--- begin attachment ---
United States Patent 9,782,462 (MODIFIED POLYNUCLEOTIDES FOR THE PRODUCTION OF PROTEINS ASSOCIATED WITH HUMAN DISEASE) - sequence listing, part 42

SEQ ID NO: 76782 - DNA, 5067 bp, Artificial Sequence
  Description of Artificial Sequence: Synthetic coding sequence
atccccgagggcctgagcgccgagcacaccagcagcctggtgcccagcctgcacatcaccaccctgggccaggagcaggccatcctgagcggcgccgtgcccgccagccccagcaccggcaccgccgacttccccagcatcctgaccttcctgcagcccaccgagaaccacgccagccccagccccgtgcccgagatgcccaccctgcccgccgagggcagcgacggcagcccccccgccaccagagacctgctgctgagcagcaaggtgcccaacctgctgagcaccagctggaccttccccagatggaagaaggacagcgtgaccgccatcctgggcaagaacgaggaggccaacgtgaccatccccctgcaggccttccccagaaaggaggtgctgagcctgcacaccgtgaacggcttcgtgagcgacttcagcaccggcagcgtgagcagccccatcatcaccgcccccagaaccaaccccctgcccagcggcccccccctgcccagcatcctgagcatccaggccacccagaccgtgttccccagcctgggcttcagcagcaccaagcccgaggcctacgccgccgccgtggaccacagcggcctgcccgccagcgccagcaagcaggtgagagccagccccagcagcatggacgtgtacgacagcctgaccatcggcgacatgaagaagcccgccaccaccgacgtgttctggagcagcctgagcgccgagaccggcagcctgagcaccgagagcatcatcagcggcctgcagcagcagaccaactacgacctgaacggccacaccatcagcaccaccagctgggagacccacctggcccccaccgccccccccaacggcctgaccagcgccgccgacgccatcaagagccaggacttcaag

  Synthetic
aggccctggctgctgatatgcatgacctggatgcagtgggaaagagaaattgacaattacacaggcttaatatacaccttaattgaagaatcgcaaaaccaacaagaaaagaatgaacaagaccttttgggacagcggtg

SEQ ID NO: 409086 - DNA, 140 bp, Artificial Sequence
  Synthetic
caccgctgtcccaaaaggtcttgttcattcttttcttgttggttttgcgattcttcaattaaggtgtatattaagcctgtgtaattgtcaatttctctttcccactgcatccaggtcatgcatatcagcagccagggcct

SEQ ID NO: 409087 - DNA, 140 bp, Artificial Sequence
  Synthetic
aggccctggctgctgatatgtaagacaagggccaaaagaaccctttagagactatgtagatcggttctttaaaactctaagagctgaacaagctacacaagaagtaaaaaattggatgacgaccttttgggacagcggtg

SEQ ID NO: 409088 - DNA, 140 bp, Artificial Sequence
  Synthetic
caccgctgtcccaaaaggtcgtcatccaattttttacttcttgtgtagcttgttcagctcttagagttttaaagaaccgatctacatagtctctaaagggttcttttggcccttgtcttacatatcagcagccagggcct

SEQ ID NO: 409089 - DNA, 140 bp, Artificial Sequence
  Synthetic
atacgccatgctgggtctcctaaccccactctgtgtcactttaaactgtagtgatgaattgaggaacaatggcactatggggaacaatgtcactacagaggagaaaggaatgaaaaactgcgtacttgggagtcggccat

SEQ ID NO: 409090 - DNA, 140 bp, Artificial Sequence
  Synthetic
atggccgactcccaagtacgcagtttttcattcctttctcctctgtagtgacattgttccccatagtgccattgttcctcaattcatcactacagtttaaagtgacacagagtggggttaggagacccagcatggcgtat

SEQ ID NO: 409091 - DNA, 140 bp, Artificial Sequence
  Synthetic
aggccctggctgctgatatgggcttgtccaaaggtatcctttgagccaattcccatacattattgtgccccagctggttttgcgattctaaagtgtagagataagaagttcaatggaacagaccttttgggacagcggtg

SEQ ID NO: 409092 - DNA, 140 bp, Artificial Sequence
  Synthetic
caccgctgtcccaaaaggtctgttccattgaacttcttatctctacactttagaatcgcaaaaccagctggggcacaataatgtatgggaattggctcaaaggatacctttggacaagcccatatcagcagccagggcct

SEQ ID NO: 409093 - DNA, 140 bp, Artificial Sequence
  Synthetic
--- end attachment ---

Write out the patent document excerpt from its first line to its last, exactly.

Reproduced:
United States Patent 9,782,462 (MODIFIED POLYNUCLEOTIDES FOR THE PRODUCTION OF PROTEINS ASSOCIATED WITH HUMAN DISEASE) - sequence listing, part 42

SEQ ID NO: 76782 - DNA, 5067 bp, Artificial Sequence
  Description of Artificial Sequence: Synthetic coding sequence
atccccgagggcctgagcgccgagcacaccagcagcctggtgcccagcctgcacatcaccaccctgggccaggagcaggccatcctgagcggcgccgtgcccgccagccccagcaccggcaccgccgacttccccagcatcctgaccttcctgcagcccaccgagaaccacgccagccccagccccgtgcccgagatgcccaccctgcccgccgagggcagcgacggcagcccccccgccaccagagacctgctgctgagcagcaaggtgcccaacctgctgagcaccagctggaccttccccagatggaagaaggacagcgtgaccgccatcctgggcaagaacgaggaggccaacgtgaccatccccctgcaggccttccccagaaaggaggtgctgagcctgcacaccgtgaacggcttcgtgagcgacttcagcaccggcagcgtgagcagccccatcatcaccgcccccagaaccaaccccctgcccagcggcccccccctgcccagcatcctgagcatccaggccacccagaccgtgttccccagcctgggcttcagcagcaccaagcccgaggcctacgccgccgccgtggaccacagcggcctgcccgccagcgccagcaagcaggtgagagccagccccagcagcatggacgtgtacgacagcctgaccatcggcgacatgaagaagcccgccaccaccgacgtgttctggagcagcctgagcgccgagaccggcagcctgagcaccgagagcatcatcagcggcctgcagcagcagaccaactacgacctgaacggccacaccatcagcaccaccagctgggagacccacctggcccccaccgccccccccaacggcctgaccagcgccgccgacgccatcaagagccaggacttcaag

  Synthetic
aggccctggctgctgatatgcatgacctggatgcagtgggaaagagaaattgacaattacacaggcttaatatacaccttaattgaagaatcgcaaaaccaacaagaaaagaatgaacaagaccttttgggacagcggtg

SEQ ID NO: 409086 - DNA, 140 bp, Artificial Sequence
  Synthetic
caccgctgtcccaaaaggtcttgttcattcttttcttgttggttttgcgattcttcaattaaggtgtatattaagcctgtgtaattgtcaatttctctttcccactgcatccaggtcatgcatatcagcagccagggcct

SEQ ID NO: 409087 - DNA, 140 bp, Artificial Sequence
  Synthetic
aggccctggctgctgatatgtaagacaagggccaaaagaaccctttagagactatgtagatcggttctttaaaactctaagagctgaacaagctacacaagaagtaaaaaattggatgacgaccttttgggacagcggtg

SEQ ID NO: 409088 - DNA, 140 bp, Artificial Sequence
  Synthetic
caccgctgtcccaaaaggtcgtcatccaattttttacttcttgtgtagcttgttcagctcttagagttttaaagaaccgatctacatagtctctaaagggttcttttggcccttgtcttacatatcagcagccagggcct

SEQ ID NO: 409089 - DNA, 140 bp, Artificial Sequence
  Synthetic
atacgccatgctgggtctcctaaccccactctgtgtcactttaaactgtagtgatgaattgaggaacaatggcactatggggaacaatgtcactacagaggagaaaggaatgaaaaactgcgtacttgggagtcggccat

SEQ ID NO: 409090 - DNA, 140 bp, Artificial Sequence
  Synthetic
atggccgactcccaagtacgcagtttttcattcctttctcctctgtagtgacattgttccccatagtgccattgttcctcaattcatcactacagtttaaagtgacacagagtggggttaggagacccagcatggcgtat

SEQ ID NO: 409091 - DNA, 140 bp, Artificial Sequence
  Synthetic
aggccctggctgctgatatgggcttgtccaaaggtatcctttgagccaattcccatacattattgtgccccagctggttttgcgattctaaagtgtagagataagaagttcaatggaacagaccttttgggacagcggtg

SEQ ID NO: 409092 - DNA, 140 bp, Artificial Sequence
  Synthetic
caccgctgtcccaaaaggtctgttccattgaacttcttatctctacactttagaatcgcaaaaccagctggggcacaataatgtatgggaattggctcaaaggatacctttggacaagcccatatcagcagccagggcct

SEQ ID NO: 409093 - DNA, 140 bp, Artificial Sequence
  Synthetic